Aqueous electrolytes have the potential to overcome some of the safety issues associated with current Li-ion batteries intended for large-scale applications such as stationary use. We recently discovered a lithium-salt dihydrate melt, viz., Li(TFSI)0.7(BETI)0.3·2H2O, which can provide a wide potential window of over 3 V; however, its reductive stability strongly depends on the electrode material. To understand the underlying mechanism, the interfacial structures on several electrodes (C, Al, and Pt) were investigated by conducting molecular dynamics simulation under the constraint of the electrode potential. The results showed that the high adsorption force on the surface of the metal electrodes is responsible for the increased water density, thus degrading the reductive stability of the electrolyte. Notably, the anion orientation on Pt at a low potential is unfavorable for the formation of a stable anion-derived solid electrolyte interphase, thus promoting hydrogen evolution. Hence, the interfacial structures that depend on the material and potential of the electrode mainly determine the reductive stability of hydrate-melt electrolytes.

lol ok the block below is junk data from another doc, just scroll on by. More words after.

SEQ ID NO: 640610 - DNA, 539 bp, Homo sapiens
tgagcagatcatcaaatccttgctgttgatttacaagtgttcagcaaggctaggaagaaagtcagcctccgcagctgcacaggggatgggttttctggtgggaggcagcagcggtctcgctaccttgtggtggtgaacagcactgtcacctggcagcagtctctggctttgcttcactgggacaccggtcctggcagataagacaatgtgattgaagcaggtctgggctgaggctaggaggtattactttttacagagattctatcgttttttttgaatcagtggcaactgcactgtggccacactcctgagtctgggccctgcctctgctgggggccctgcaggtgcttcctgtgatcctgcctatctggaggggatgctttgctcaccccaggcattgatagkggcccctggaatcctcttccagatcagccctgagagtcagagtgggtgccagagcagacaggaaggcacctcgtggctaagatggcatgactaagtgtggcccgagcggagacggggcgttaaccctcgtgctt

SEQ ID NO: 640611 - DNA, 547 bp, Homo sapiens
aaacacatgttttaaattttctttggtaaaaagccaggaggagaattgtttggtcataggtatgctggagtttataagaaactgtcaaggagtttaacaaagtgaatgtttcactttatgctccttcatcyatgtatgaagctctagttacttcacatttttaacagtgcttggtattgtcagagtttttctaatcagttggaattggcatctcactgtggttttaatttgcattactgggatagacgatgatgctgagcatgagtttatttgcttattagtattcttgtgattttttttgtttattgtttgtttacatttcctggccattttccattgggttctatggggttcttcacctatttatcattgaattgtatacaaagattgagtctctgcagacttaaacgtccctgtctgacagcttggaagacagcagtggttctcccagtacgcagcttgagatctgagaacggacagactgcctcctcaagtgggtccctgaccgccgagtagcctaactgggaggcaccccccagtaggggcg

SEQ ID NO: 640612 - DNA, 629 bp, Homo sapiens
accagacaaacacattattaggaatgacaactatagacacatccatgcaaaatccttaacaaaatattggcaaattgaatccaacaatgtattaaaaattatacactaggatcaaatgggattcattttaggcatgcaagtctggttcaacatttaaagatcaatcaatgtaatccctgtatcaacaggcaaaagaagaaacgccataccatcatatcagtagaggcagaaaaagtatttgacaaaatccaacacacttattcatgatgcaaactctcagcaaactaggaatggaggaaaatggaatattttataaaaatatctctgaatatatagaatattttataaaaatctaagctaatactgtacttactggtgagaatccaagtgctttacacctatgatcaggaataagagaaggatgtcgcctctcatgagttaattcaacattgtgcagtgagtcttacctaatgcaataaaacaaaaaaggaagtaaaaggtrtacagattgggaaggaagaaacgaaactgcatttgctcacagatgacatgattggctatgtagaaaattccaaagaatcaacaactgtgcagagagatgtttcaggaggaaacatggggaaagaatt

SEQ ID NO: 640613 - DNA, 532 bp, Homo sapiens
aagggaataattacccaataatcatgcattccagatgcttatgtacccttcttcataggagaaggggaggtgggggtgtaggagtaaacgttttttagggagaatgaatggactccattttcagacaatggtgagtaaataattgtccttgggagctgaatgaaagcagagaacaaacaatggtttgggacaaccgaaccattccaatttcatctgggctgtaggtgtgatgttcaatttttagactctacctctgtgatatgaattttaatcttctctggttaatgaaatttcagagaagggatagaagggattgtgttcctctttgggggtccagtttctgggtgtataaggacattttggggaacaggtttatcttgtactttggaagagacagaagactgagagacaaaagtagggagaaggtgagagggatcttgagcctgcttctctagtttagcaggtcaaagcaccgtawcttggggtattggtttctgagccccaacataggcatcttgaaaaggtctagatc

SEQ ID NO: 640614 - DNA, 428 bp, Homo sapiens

Theoretical analysis of electrode-dependent interfacial structures on hydrate-melt electrolytes
Note: This paper is part of the JCP Special Topic on Interfacial Structure and Dynamics for Electrochemical Energy Storage.
Norio Takenaka, Taichi Inagaki, Tatau Shimada, Yuki Yamada, Masataka Nagaoka, Atsuo Yamada; Theoretical analysis of electrode-dependent interfacial structures on hydrate-melt electrolytes. J. Chem. Phys. 31 March 2020; 152 (12): 124706. https://doi.org/10.1063/5.0003196
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